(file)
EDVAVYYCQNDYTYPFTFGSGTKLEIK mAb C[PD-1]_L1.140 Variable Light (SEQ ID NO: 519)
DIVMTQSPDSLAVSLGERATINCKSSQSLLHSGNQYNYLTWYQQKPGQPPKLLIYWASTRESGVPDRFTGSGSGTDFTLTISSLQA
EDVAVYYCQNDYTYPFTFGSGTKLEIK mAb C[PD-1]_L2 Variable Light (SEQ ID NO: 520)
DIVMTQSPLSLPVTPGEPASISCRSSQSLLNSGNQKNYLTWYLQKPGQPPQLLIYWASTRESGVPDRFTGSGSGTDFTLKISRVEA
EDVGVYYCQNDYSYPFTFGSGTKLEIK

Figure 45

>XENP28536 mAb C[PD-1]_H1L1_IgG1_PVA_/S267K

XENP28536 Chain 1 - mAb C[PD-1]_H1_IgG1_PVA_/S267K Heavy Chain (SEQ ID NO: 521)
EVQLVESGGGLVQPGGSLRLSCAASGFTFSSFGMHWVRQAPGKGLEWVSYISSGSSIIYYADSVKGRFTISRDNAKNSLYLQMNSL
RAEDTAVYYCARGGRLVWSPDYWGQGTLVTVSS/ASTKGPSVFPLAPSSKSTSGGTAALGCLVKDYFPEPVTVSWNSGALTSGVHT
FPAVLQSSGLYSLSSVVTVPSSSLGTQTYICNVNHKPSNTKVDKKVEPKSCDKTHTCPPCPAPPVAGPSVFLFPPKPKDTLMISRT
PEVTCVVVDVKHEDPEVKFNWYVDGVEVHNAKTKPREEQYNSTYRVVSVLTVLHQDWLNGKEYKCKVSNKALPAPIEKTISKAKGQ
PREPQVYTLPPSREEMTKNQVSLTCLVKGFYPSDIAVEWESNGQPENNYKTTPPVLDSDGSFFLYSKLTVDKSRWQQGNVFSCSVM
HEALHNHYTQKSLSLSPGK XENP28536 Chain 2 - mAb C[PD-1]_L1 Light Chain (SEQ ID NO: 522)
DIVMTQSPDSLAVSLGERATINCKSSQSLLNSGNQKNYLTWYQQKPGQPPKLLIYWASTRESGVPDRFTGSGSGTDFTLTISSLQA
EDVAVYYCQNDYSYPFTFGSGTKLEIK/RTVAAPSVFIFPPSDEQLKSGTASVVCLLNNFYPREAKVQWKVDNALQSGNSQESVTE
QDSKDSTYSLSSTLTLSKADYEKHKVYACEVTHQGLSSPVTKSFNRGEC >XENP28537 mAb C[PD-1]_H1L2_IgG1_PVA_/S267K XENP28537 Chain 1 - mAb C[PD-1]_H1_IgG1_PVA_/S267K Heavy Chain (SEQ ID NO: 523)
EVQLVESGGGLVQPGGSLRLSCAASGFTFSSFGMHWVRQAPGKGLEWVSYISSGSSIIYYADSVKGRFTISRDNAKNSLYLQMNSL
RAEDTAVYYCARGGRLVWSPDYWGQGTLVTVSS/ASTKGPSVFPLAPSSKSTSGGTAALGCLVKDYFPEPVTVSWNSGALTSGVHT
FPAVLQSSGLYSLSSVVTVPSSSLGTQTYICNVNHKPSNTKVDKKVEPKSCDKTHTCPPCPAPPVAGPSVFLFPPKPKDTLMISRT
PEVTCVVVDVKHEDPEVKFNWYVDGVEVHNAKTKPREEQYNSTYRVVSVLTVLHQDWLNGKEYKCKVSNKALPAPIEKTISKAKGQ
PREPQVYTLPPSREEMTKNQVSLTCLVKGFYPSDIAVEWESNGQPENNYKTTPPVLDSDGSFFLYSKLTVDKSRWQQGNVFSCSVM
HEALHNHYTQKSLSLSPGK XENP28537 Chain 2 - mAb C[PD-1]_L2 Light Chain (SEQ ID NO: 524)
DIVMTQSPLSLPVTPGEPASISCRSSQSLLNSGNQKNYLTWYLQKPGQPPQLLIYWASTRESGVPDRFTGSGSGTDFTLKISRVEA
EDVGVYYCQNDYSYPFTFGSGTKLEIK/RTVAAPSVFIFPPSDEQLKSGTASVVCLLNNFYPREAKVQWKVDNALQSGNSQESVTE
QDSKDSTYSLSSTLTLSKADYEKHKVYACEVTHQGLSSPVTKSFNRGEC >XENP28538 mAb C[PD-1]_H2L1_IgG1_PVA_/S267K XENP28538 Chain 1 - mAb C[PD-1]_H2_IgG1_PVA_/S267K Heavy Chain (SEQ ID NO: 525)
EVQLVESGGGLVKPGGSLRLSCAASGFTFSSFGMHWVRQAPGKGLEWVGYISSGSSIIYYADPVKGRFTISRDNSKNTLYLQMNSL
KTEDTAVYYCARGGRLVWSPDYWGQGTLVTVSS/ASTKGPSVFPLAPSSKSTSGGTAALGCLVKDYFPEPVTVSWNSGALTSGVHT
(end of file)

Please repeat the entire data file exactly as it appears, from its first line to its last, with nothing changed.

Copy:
EDVAVYYCQNDYTYPFTFGSGTKLEIK mAb C[PD-1]_L1.140 Variable Light (SEQ ID NO: 519)
DIVMTQSPDSLAVSLGERATINCKSSQSLLHSGNQYNYLTWYQQKPGQPPKLLIYWASTRESGVPDRFTGSGSGTDFTLTISSLQA
EDVAVYYCQNDYTYPFTFGSGTKLEIK mAb C[PD-1]_L2 Variable Light (SEQ ID NO: 520)
DIVMTQSPLSLPVTPGEPASISCRSSQSLLNSGNQKNYLTWYLQKPGQPPQLLIYWASTRESGVPDRFTGSGSGTDFTLKISRVEA
EDVGVYYCQNDYSYPFTFGSGTKLEIK

Figure 45

>XENP28536 mAb C[PD-1]_H1L1_IgG1_PVA_/S267K

XENP28536 Chain 1 - mAb C[PD-1]_H1_IgG1_PVA_/S267K Heavy Chain (SEQ ID NO: 521)
EVQLVESGGGLVQPGGSLRLSCAASGFTFSSFGMHWVRQAPGKGLEWVSYISSGSSIIYYADSVKGRFTISRDNAKNSLYLQMNSL
RAEDTAVYYCARGGRLVWSPDYWGQGTLVTVSS/ASTKGPSVFPLAPSSKSTSGGTAALGCLVKDYFPEPVTVSWNSGALTSGVHT
FPAVLQSSGLYSLSSVVTVPSSSLGTQTYICNVNHKPSNTKVDKKVEPKSCDKTHTCPPCPAPPVAGPSVFLFPPKPKDTLMISRT
PEVTCVVVDVKHEDPEVKFNWYVDGVEVHNAKTKPREEQYNSTYRVVSVLTVLHQDWLNGKEYKCKVSNKALPAPIEKTISKAKGQ
PREPQVYTLPPSREEMTKNQVSLTCLVKGFYPSDIAVEWESNGQPENNYKTTPPVLDSDGSFFLYSKLTVDKSRWQQGNVFSCSVM
HEALHNHYTQKSLSLSPGK XENP28536 Chain 2 - mAb C[PD-1]_L1 Light Chain (SEQ ID NO: 522)
DIVMTQSPDSLAVSLGERATINCKSSQSLLNSGNQKNYLTWYQQKPGQPPKLLIYWASTRESGVPDRFTGSGSGTDFTLTISSLQA
EDVAVYYCQNDYSYPFTFGSGTKLEIK/RTVAAPSVFIFPPSDEQLKSGTASVVCLLNNFYPREAKVQWKVDNALQSGNSQESVTE
QDSKDSTYSLSSTLTLSKADYEKHKVYACEVTHQGLSSPVTKSFNRGEC >XENP28537 mAb C[PD-1]_H1L2_IgG1_PVA_/S267K XENP28537 Chain 1 - mAb C[PD-1]_H1_IgG1_PVA_/S267K Heavy Chain (SEQ ID NO: 523)
EVQLVESGGGLVQPGGSLRLSCAASGFTFSSFGMHWVRQAPGKGLEWVSYISSGSSIIYYADSVKGRFTISRDNAKNSLYLQMNSL
RAEDTAVYYCARGGRLVWSPDYWGQGTLVTVSS/ASTKGPSVFPLAPSSKSTSGGTAALGCLVKDYFPEPVTVSWNSGALTSGVHT
FPAVLQSSGLYSLSSVVTVPSSSLGTQTYICNVNHKPSNTKVDKKVEPKSCDKTHTCPPCPAPPVAGPSVFLFPPKPKDTLMISRT
PEVTCVVVDVKHEDPEVKFNWYVDGVEVHNAKTKPREEQYNSTYRVVSVLTVLHQDWLNGKEYKCKVSNKALPAPIEKTISKAKGQ
PREPQVYTLPPSREEMTKNQVSLTCLVKGFYPSDIAVEWESNGQPENNYKTTPPVLDSDGSFFLYSKLTVDKSRWQQGNVFSCSVM
HEALHNHYTQKSLSLSPGK XENP28537 Chain 2 - mAb C[PD-1]_L2 Light Chain (SEQ ID NO: 524)
DIVMTQSPLSLPVTPGEPASISCRSSQSLLNSGNQKNYLTWYLQKPGQPPQLLIYWASTRESGVPDRFTGSGSGTDFTLKISRVEA
EDVGVYYCQNDYSYPFTFGSGTKLEIK/RTVAAPSVFIFPPSDEQLKSGTASVVCLLNNFYPREAKVQWKVDNALQSGNSQESVTE
QDSKDSTYSLSSTLTLSKADYEKHKVYACEVTHQGLSSPVTKSFNRGEC >XENP28538 mAb C[PD-1]_H2L1_IgG1_PVA_/S267K XENP28538 Chain 1 - mAb C[PD-1]_H2_IgG1_PVA_/S267K Heavy Chain (SEQ ID NO: 525)
EVQLVESGGGLVKPGGSLRLSCAASGFTFSSFGMHWVRQAPGKGLEWVGYISSGSSIIYYADPVKGRFTISRDNSKNTLYLQMNSL
KTEDTAVYYCARGGRLVWSPDYWGQGTLVTVSS/ASTKGPSVFPLAPSSKSTSGGTAALGCLVKDYFPEPVTVSWNSGALTSGVHT